In Fig. 4 there is illustrated an alternative form of installation in which a gallery 24 is driven in a cap rock 25 overlying an oil sand 26. An oil collecting pipe 27 is laid in the gallery and is connected to a plurality of nipples 28, only one of which is shown. The nipple 28 is sealed in the cap rock by sealing material 28' and extends downward tonearthe bottom .of the sand.-

A gas or air line 29 is installed in the gallery and has a branch 30 passing through the nipple and beyond its lower end.

The gas pressure imposed on the sand through the surface well 22 cannot be economically used to raise the oil when the sand is of considerable thickness. In such acase the column of oil standing in the collecting nipple 28 may have sufficient hydrostatic,

head to exert an objectionable back pressure on the sand, preventing or retarding the flow of oil. When this occurs, gas is passed through the line 29 and branch 30. It will bubble up through the oil in the nipple, lighteningit and causing it to overflow into the collecting pipe '27. To prevent the return of any oil to the nipple, an inverted goose neck 31 is formed at the joint where each nipple joins the collecting pipe 27. Oil may be raised in this way without objectionable back pressure on the sand. In the average case, an air lift can be operated in the manner described with the exertion of less than one atmosphere gauge pressure against the exposed face of the oil sand.

When the sand is not very thick, oil can be raised to the collecting system by the application of a small amount of pressure,

without the aid of a. gas lift. Thus the oil may not have to rise more'than a fewfeet in nipple 30 (Fig. 4), before discharging into the collecting system 27. A pressure which would be quite incapable of forcing the oil to the surface of the earth will easily suifice to raise the oil tothe collecting system.

Pressure gages 32 and 33- are provided on the pipes 27 and 29. A pressure gage 34 is also connected directly with the to of the sand so thatthe pressure in it may be ascertained. Samples of gas may be taken off i for analysis through the valved pipe Control valves 36 and 37 are arranged 1n pines 27 and 29.

In some cases it may be desirable to utilize expulsive agents heavier than oil, such as water or acqueous salt solutions. Water,

for example, can be run in through one or more surface wells to a point adjacent the bottom of ,the oil sand. I Mine wells, formed from above the sand, as described in connection with Fig. 4, receive the -oil forced upward by the water rising horizontally through the sand. In this mode of applying the invention there is a barrier of oil filled sand above the explusive agent; in the gas method previously described such a barrier is below the expulsive agent. The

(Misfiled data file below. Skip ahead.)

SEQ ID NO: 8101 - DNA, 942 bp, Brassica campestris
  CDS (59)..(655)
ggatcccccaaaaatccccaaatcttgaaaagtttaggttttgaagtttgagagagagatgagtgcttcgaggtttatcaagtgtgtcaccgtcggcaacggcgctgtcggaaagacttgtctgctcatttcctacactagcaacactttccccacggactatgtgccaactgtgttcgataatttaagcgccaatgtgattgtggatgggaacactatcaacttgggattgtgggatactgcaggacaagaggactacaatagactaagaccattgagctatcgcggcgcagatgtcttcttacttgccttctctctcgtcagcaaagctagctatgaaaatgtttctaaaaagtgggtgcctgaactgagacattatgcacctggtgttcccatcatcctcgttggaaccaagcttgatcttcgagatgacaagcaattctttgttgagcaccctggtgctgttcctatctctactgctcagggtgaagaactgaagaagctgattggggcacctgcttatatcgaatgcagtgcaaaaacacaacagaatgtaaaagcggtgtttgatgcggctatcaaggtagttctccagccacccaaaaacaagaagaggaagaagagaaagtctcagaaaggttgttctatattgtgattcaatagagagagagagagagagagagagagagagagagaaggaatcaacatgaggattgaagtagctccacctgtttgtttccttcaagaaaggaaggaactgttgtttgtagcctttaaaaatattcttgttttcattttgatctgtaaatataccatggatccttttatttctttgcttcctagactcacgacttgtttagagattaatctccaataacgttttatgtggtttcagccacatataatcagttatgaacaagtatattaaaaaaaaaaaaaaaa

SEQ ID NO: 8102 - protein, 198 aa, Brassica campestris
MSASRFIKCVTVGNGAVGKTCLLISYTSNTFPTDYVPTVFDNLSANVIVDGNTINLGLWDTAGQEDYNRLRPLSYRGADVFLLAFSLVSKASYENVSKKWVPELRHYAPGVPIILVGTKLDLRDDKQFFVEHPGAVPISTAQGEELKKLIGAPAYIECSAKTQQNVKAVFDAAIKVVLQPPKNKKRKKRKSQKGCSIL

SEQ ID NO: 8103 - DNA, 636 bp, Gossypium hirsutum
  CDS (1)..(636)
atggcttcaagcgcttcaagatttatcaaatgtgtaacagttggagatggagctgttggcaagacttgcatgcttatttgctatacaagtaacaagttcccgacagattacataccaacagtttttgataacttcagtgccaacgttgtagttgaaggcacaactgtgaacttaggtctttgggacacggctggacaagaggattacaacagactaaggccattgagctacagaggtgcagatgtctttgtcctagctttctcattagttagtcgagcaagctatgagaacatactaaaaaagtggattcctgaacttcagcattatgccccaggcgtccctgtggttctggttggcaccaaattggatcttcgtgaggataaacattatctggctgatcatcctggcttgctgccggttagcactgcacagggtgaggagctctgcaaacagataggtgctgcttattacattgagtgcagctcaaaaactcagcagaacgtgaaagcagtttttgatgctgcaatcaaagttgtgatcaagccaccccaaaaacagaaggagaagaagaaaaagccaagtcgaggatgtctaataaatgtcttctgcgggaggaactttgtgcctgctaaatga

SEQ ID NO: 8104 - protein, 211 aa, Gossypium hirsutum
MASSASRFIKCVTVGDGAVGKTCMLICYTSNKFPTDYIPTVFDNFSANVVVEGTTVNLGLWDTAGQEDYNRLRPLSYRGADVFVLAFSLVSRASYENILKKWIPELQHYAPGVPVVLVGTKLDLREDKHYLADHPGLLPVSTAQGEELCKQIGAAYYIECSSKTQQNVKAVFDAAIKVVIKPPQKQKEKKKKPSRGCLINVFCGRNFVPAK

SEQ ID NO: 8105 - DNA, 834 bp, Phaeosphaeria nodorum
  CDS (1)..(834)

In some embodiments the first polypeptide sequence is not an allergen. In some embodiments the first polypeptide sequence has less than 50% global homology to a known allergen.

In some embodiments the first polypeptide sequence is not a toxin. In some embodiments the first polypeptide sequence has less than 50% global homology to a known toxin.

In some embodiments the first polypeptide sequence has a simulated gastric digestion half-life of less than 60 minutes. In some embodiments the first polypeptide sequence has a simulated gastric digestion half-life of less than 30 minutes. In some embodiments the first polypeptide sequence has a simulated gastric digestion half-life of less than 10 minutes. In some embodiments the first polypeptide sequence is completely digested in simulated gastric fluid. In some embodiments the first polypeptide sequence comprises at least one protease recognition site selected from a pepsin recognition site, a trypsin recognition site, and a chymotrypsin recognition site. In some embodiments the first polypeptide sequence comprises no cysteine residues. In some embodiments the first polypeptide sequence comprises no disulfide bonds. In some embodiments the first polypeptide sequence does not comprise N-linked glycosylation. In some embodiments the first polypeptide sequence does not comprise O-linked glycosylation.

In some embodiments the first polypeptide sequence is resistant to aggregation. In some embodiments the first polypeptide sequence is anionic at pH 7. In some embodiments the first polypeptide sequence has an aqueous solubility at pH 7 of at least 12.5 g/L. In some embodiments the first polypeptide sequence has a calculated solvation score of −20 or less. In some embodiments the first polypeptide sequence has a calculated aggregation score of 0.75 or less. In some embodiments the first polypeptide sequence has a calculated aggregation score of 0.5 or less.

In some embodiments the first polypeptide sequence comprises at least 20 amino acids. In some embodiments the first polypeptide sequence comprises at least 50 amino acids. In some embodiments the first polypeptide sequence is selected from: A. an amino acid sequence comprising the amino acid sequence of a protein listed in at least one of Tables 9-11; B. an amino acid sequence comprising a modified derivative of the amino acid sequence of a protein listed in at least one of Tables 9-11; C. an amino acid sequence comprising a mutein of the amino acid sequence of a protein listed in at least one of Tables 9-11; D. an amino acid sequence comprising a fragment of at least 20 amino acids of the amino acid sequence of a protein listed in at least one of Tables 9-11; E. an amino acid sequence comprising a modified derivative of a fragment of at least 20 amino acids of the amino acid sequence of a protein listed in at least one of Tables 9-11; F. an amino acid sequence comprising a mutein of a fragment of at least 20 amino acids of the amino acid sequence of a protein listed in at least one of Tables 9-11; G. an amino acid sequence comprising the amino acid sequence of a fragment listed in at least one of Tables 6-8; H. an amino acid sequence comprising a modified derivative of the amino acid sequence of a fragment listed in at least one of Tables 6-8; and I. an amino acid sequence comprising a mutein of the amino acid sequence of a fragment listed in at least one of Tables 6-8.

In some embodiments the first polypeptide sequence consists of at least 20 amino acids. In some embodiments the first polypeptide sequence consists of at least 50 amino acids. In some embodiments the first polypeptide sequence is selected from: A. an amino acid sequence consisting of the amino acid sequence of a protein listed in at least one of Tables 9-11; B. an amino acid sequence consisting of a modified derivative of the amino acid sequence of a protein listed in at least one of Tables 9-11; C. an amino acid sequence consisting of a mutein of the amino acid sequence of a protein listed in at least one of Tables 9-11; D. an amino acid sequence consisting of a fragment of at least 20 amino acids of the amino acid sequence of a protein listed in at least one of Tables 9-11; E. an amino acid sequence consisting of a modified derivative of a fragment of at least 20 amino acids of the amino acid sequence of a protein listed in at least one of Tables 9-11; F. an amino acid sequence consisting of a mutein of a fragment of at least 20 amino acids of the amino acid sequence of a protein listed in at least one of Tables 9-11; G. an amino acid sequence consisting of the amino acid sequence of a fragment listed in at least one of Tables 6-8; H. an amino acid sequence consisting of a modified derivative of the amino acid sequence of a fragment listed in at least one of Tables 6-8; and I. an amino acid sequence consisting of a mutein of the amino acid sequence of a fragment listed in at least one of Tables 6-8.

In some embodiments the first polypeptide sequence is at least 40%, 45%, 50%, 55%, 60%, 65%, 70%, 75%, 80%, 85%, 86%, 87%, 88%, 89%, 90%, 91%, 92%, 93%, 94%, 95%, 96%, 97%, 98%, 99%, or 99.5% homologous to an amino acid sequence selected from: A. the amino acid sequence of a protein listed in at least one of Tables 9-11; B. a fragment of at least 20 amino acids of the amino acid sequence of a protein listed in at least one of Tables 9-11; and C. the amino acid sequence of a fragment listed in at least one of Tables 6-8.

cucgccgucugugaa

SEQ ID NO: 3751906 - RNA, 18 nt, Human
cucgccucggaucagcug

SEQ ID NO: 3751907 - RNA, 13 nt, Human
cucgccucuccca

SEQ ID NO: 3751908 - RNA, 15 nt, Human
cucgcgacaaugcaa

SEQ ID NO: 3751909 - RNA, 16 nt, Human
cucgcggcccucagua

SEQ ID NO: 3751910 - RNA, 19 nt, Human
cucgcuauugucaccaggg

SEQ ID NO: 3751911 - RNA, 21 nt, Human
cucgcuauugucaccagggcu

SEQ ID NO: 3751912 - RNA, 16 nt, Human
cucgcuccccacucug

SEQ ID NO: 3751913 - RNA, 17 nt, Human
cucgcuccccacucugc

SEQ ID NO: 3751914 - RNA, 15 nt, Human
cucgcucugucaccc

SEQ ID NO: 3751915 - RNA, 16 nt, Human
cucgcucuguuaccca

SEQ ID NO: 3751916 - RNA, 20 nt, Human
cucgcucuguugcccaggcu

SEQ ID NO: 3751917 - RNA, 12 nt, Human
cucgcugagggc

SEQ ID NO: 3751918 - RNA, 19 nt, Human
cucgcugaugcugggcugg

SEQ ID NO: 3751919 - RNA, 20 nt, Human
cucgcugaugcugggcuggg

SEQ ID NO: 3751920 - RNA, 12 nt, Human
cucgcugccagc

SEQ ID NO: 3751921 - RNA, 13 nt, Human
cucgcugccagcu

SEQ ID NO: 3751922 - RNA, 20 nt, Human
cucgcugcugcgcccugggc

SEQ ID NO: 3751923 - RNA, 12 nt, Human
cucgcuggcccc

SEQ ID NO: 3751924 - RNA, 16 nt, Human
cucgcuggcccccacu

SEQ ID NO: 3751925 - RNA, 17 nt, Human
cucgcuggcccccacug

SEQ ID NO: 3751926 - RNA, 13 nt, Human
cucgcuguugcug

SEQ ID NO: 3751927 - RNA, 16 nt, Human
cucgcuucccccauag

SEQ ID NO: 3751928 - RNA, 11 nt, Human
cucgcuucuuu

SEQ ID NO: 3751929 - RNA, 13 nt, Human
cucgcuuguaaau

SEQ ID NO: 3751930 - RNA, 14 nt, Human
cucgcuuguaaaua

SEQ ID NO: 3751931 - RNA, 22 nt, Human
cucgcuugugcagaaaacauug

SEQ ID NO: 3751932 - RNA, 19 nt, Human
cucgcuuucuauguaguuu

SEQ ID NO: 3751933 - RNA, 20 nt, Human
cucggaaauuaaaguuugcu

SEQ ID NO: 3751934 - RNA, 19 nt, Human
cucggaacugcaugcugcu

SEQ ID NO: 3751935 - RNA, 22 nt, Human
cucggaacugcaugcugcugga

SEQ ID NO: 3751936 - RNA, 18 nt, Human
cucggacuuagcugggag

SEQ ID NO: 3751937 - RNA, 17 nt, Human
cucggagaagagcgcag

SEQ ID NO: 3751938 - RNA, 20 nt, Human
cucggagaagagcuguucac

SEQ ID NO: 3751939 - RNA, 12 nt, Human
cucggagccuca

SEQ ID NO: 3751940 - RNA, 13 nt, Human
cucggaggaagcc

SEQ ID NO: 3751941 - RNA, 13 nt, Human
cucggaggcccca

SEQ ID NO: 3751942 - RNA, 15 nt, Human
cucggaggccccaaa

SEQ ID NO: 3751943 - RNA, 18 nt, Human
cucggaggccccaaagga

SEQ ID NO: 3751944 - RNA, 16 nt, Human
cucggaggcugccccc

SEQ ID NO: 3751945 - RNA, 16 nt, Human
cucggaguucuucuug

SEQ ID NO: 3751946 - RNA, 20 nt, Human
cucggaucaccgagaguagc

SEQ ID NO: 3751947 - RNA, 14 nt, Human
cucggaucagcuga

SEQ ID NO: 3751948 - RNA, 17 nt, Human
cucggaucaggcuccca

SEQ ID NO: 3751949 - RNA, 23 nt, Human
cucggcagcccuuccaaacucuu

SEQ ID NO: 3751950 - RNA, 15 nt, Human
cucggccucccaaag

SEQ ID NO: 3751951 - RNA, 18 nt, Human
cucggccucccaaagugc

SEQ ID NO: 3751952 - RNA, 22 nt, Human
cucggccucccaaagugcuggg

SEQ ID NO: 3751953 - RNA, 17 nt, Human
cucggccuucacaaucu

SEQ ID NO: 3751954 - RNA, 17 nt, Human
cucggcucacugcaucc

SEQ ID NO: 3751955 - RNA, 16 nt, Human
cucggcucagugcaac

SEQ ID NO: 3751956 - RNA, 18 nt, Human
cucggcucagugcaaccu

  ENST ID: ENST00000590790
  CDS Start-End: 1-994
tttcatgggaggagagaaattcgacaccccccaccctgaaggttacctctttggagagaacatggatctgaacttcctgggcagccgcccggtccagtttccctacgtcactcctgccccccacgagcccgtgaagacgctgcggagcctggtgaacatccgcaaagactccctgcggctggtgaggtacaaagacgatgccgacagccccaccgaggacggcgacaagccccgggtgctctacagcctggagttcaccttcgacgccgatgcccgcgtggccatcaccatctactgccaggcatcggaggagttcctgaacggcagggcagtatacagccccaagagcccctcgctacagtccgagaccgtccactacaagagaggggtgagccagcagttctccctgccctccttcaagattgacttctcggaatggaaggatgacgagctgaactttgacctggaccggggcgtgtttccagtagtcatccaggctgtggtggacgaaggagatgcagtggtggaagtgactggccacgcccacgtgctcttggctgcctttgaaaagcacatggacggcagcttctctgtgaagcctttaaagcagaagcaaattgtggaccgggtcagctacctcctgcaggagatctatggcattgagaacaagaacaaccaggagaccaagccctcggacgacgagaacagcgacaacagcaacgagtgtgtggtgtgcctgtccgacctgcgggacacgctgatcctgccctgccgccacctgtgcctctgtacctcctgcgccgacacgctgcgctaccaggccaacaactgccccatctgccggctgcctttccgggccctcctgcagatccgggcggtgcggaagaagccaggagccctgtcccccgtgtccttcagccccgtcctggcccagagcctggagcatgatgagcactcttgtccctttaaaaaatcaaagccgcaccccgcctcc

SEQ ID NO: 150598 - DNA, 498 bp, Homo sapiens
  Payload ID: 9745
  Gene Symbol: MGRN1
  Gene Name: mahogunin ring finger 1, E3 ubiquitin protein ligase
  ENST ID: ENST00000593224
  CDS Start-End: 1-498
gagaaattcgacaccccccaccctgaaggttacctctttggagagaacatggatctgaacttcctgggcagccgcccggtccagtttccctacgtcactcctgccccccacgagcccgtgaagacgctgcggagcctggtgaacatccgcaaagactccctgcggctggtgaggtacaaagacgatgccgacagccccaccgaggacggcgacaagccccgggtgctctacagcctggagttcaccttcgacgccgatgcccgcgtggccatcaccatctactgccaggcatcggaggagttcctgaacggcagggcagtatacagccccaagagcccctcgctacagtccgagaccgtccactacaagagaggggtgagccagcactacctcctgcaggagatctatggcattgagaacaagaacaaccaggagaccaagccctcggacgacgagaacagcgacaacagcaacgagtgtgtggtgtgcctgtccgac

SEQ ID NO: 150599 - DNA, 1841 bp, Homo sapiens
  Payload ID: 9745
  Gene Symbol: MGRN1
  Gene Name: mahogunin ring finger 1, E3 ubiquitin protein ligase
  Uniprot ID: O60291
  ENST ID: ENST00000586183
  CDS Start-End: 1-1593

water, like the gas, can be controlled in its escape along any level through porous streaks to producing wells, and may be compelled to move across the oil bearing stratum.

An auxiliary barrier against escape of expulsive agent (air, gas, water, etc.) may be provided by maintaining a column of oil in each downwardly extending nipple 28, said column preferably being in contact with the valve in the nipple. The control valves in the nipples are adjusted to secure this result, the method being analogous to that described above for retaining oil in the upwardly extending nipples 8.

Various changes and alternative arrangements may be made within the scope of the appended claims, in which it is my intention to claim all novelty inherent in the invention as broadly as the prior art permits.

I claim:

1. In the recovery of oil from an oil hearing stratum by a mining method, the improvement which comprises forcing an oil expulsive agent into the stratum near an outside surface only, and withdrawing oil from points only opposite said surface, whereby the expulsive agent is compelled to move transversely across the stratum and to force the oil toward the points of withdrawal. v

2. In the recovery of oil from an oil-bearing stratum by a mining method, the improvement which comprises forcing an oil expulsive agent into the stratum near an outside surface only, withdrawing oil from points only opposite said surface, whereby the expulsive agent is compelled to move transveresly across the stratum and to force the oil toward the points of withdrawal, and controlling the escape of the expulsive agent.

3. Method accordin to claim 2, in which gas escapes through the oil withdrawal lines and control means is then actuated to check the escape of gas.

4. In the recovery of oil from an oil bearing stratum by a mining method, the improvement which comprises forcing an oil expulsive agent into the upper part of said 5. Method according to claim 4, in which the pressures in the various areas of the oilbearing stratum are determined, and the flow openings are controlled in accordance with the pressures to prevent the expulsive agent from breaking through at any of said openings.